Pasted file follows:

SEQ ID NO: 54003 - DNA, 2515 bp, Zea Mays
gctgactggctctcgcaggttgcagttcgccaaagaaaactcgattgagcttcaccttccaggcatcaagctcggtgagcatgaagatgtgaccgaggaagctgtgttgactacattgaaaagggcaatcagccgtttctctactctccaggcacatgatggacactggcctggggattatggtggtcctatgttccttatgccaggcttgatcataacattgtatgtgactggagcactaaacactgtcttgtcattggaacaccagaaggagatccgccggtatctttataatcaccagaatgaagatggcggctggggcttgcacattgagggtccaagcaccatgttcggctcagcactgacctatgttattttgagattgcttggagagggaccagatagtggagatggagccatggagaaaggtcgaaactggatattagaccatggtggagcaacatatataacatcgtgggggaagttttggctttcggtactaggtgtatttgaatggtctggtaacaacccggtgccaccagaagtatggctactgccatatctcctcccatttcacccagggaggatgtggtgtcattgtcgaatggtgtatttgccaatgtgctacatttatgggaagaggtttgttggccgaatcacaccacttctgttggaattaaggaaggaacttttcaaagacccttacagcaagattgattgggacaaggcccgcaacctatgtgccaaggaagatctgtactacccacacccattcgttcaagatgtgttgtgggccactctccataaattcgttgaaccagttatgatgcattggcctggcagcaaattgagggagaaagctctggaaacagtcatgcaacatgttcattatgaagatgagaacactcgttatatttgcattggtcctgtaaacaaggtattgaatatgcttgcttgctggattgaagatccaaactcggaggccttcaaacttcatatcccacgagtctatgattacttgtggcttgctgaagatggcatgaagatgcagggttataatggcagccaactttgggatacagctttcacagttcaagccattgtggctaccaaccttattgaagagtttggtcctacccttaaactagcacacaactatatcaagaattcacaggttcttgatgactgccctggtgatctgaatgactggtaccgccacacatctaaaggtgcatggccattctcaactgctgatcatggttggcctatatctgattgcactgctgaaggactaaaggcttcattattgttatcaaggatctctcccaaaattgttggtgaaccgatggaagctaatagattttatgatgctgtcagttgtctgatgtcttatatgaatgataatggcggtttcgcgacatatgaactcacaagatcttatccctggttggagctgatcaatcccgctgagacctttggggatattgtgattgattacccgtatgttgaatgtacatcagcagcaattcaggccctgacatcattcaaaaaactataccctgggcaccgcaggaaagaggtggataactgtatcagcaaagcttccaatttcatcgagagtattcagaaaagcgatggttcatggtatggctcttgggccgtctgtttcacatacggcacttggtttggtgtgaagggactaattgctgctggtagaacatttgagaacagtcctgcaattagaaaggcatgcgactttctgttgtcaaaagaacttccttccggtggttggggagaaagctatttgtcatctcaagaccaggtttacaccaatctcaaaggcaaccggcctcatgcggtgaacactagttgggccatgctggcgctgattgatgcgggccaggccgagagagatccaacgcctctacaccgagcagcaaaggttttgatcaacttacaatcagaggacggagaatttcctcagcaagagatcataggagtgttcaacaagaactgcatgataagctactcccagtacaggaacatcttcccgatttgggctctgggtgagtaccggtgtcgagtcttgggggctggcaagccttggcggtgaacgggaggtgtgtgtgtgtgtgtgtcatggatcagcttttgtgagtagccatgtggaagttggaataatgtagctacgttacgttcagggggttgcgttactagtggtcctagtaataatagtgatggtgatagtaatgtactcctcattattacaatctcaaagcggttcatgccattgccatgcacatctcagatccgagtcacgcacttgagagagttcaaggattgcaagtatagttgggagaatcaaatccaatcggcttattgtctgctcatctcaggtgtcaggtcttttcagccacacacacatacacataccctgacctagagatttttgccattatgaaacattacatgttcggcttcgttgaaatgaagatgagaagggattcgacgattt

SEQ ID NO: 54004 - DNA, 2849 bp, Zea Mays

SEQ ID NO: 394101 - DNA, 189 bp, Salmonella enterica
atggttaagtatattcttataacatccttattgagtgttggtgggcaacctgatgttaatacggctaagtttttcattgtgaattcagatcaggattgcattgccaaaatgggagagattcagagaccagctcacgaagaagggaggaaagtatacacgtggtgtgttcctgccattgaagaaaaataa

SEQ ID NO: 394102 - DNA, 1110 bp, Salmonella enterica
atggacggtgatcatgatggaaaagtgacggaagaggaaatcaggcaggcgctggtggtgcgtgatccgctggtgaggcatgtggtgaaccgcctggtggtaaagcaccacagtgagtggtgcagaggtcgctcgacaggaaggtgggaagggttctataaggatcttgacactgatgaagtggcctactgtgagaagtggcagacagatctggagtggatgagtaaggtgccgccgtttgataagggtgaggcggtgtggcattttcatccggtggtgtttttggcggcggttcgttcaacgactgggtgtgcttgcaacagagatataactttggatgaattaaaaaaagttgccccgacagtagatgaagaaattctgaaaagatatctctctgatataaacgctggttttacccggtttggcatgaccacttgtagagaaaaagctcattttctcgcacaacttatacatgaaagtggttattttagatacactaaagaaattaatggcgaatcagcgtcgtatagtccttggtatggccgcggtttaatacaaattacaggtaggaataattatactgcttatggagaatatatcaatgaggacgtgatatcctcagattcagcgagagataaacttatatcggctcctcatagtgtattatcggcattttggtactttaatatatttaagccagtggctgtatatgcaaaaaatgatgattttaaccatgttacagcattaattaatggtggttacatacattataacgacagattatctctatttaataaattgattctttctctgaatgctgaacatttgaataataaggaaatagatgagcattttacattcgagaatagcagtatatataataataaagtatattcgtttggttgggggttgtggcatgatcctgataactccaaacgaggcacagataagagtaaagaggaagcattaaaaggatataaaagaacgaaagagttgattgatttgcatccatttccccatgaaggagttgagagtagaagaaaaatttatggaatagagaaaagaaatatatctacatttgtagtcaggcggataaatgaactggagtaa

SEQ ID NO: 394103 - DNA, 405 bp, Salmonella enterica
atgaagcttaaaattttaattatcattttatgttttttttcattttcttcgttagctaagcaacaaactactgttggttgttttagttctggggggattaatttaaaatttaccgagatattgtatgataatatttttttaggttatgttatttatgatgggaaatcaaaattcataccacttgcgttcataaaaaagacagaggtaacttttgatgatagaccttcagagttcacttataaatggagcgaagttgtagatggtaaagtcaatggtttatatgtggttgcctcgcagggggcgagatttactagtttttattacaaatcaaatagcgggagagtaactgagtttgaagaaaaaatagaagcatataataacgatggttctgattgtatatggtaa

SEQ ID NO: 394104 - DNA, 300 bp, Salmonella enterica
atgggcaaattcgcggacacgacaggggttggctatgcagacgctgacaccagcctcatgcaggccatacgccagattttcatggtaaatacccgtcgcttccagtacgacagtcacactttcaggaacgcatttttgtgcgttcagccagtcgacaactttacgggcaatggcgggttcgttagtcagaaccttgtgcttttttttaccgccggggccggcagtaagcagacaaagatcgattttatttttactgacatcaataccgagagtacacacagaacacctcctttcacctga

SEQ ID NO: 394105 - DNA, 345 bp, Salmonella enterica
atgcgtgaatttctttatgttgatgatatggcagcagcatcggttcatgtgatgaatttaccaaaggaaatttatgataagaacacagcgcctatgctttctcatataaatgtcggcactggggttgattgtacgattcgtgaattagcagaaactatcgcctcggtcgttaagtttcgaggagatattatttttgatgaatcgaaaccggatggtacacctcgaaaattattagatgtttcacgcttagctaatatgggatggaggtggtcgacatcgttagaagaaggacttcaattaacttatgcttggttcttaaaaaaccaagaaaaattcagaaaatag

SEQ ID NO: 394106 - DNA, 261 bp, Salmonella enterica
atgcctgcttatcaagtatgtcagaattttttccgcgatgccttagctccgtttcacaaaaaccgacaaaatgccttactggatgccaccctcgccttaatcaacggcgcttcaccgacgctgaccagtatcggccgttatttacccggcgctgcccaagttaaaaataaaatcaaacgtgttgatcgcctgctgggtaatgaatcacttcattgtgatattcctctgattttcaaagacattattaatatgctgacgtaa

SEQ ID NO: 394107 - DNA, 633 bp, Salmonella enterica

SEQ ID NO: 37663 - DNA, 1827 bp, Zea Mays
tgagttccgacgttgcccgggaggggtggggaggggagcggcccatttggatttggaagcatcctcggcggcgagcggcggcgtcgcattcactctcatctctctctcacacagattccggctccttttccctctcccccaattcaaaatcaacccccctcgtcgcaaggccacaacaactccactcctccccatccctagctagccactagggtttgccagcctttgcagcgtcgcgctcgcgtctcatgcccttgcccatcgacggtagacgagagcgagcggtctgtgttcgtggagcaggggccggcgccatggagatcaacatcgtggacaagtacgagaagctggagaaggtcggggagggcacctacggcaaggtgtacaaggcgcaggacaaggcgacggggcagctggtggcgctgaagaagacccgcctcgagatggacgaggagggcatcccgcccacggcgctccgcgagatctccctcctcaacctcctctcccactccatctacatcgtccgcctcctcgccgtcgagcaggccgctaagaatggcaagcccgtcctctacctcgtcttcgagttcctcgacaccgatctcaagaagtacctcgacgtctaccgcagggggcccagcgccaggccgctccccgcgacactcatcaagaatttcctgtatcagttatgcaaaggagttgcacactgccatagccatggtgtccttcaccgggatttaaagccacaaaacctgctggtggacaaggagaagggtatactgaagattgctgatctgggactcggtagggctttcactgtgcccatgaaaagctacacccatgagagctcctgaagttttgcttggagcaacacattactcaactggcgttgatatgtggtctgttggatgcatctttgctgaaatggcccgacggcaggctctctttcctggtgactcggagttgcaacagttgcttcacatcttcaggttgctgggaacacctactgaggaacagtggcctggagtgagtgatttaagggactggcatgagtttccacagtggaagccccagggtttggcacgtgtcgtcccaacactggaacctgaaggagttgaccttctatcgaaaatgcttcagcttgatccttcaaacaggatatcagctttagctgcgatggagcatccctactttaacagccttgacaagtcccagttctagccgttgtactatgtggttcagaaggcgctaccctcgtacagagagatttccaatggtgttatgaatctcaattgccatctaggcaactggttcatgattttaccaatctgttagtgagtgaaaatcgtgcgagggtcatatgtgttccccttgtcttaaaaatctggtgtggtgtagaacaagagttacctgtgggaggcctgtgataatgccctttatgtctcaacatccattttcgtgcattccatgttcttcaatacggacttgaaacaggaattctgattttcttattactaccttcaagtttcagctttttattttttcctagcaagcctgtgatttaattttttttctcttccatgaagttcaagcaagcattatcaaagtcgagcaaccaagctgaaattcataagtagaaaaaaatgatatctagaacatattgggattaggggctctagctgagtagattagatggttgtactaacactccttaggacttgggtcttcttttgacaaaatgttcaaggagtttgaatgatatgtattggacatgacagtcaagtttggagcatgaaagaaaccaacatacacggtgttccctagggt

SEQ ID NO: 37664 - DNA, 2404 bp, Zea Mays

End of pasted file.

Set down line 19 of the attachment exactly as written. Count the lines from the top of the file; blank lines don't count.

SEQ ID NO: 37664 - DNA, 2404 bp, Zea Mays